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Using Great Literature to Teach Business Ethics

Thanks to strengthened financial reporting and governance laws, a growing number of corporate executives in the United States have exchanged pinstripes for jail stripes. It makes the public wonder about just what those fancy business schools are teaching up-and-coming leaders.

In fact, many business programs feature offerings in ethical decision making -- Harvard Business School has provided courses with "ethics" in the title for much of its near 100-year history. But how is the squishy subject of moral behavior taught? Since the 1990s, professors at HBS have used great works of literature to help students get a handle on the issues.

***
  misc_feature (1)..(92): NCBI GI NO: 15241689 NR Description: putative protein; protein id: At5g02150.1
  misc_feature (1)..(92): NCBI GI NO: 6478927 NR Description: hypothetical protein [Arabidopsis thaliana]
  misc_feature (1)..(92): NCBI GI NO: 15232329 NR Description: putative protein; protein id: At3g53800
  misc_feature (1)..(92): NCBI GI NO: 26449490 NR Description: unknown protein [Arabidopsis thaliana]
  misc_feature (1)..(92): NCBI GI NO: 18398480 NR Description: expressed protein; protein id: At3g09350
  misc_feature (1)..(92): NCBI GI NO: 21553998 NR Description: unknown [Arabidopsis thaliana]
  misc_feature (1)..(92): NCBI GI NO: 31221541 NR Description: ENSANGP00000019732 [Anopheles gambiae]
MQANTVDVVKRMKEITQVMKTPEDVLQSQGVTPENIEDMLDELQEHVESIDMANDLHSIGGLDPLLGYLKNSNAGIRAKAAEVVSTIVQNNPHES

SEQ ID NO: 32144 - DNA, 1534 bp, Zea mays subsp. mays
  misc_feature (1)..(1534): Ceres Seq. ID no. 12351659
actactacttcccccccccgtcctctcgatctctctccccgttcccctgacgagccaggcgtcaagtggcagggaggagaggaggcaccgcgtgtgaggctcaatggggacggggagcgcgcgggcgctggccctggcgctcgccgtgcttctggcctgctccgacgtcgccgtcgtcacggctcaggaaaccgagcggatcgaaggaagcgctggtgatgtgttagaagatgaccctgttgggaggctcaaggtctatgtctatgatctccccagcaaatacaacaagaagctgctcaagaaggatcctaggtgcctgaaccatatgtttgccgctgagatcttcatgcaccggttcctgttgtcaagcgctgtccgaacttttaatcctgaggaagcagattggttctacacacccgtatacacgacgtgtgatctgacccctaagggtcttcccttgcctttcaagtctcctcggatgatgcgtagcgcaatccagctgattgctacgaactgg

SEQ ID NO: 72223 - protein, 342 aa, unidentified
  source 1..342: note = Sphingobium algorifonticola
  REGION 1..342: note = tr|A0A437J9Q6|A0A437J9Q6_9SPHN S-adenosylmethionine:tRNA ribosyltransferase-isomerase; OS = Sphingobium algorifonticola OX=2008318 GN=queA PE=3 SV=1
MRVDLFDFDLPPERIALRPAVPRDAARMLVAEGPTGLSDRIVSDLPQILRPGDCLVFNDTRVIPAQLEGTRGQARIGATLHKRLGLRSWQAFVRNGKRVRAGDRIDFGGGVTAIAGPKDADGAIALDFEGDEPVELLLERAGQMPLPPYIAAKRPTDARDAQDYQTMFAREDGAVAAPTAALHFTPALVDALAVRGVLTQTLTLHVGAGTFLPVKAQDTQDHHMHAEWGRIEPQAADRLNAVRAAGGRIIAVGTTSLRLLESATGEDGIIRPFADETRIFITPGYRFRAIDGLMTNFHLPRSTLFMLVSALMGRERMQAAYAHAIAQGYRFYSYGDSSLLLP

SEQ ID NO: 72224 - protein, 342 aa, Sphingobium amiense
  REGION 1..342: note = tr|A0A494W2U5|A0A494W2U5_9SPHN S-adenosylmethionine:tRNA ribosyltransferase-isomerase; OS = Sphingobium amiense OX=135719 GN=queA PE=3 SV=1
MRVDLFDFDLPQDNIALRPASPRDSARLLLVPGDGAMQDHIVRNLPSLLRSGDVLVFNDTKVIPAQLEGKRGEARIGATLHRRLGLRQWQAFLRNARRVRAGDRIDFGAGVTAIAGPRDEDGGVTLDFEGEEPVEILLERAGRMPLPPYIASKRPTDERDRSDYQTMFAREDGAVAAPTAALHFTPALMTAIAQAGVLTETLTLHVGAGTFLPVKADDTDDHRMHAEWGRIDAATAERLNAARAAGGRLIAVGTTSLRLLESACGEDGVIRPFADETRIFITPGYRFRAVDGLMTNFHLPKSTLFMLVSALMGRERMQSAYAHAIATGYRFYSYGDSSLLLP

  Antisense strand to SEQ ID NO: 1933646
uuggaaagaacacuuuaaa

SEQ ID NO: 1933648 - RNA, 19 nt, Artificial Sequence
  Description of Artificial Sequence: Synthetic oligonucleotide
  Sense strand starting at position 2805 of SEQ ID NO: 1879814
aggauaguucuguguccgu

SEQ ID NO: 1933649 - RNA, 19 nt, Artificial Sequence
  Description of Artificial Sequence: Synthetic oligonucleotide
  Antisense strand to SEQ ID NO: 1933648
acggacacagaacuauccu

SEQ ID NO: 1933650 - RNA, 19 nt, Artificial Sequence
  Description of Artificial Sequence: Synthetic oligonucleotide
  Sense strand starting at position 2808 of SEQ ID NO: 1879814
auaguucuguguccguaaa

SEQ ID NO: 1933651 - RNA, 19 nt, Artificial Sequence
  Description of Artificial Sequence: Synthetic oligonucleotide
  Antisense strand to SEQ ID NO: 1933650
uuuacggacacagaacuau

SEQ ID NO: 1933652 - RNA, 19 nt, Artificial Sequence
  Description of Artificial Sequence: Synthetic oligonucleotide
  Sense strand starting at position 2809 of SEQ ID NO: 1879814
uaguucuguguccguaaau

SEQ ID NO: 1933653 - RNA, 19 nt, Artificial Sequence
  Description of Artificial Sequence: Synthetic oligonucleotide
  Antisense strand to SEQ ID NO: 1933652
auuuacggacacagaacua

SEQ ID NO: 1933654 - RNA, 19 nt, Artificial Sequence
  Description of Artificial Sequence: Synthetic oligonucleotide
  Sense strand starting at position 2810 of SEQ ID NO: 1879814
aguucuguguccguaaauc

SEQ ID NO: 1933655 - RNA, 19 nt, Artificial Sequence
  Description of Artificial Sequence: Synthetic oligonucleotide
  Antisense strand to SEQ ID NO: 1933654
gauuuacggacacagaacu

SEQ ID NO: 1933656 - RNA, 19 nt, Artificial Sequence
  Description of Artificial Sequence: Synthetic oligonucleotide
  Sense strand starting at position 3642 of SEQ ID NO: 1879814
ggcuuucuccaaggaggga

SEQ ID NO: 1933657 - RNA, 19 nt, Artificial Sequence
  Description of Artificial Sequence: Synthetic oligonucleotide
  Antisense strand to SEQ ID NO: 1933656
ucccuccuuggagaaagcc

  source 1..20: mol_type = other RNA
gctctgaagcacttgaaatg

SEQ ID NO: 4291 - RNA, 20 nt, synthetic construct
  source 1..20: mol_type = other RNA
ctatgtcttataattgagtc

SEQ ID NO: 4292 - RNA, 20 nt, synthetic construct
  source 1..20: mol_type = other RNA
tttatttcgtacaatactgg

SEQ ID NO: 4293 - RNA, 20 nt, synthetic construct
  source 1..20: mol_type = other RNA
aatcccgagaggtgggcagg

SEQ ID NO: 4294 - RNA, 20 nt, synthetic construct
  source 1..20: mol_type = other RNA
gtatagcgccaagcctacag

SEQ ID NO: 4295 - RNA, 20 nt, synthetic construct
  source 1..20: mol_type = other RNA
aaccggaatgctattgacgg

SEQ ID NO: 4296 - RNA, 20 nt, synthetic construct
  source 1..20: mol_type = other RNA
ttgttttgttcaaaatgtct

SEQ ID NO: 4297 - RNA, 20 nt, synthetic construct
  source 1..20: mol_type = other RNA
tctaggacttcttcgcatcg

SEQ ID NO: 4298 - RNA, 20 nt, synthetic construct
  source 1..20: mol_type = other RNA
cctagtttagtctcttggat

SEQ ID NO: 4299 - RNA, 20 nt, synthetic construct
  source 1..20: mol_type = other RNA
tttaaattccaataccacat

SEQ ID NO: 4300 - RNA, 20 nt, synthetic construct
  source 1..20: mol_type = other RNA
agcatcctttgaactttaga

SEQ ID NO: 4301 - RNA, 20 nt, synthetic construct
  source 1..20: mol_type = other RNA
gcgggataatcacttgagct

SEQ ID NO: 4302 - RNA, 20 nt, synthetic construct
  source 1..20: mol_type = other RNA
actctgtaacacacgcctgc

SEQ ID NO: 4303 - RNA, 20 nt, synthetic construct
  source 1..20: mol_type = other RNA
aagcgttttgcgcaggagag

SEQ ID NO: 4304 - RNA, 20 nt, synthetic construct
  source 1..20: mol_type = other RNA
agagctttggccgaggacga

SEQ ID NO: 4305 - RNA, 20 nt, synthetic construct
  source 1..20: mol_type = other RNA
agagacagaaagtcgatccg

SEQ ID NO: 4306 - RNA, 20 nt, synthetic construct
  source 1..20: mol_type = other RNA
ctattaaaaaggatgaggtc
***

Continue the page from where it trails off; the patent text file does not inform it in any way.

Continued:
In the latest edition of HBS Working Knowledge, professor Sandra Sucher discusses her classroom approach to teaching ethics to MBAs by using great works including Chinua Achebe's "Things Fall Apart"; Sophocles' play "Antigone"; Kazuo Ishiguro's "The Remains of the Day"; and Robert Bolt's "A Man for All Seasons".
Says Sucher: "Based on my own experience, the course has been designed to explore practical questions that help us understand the moral domain and where morality and leadership intersect: "What is the nature of a moral challenge?" "How do people 'reason morally'?" "How is moral leadership different from leadership of any other kind?"

Great literature allows students to develop emotional reactions to characters facing difficult decisions and prompts great classroom discussions and learning, she says. Ultimately, students work out their own workable definition of moral leadership.

Should moral leadership be a required offering at the world's great business schools? How would you teach the course?

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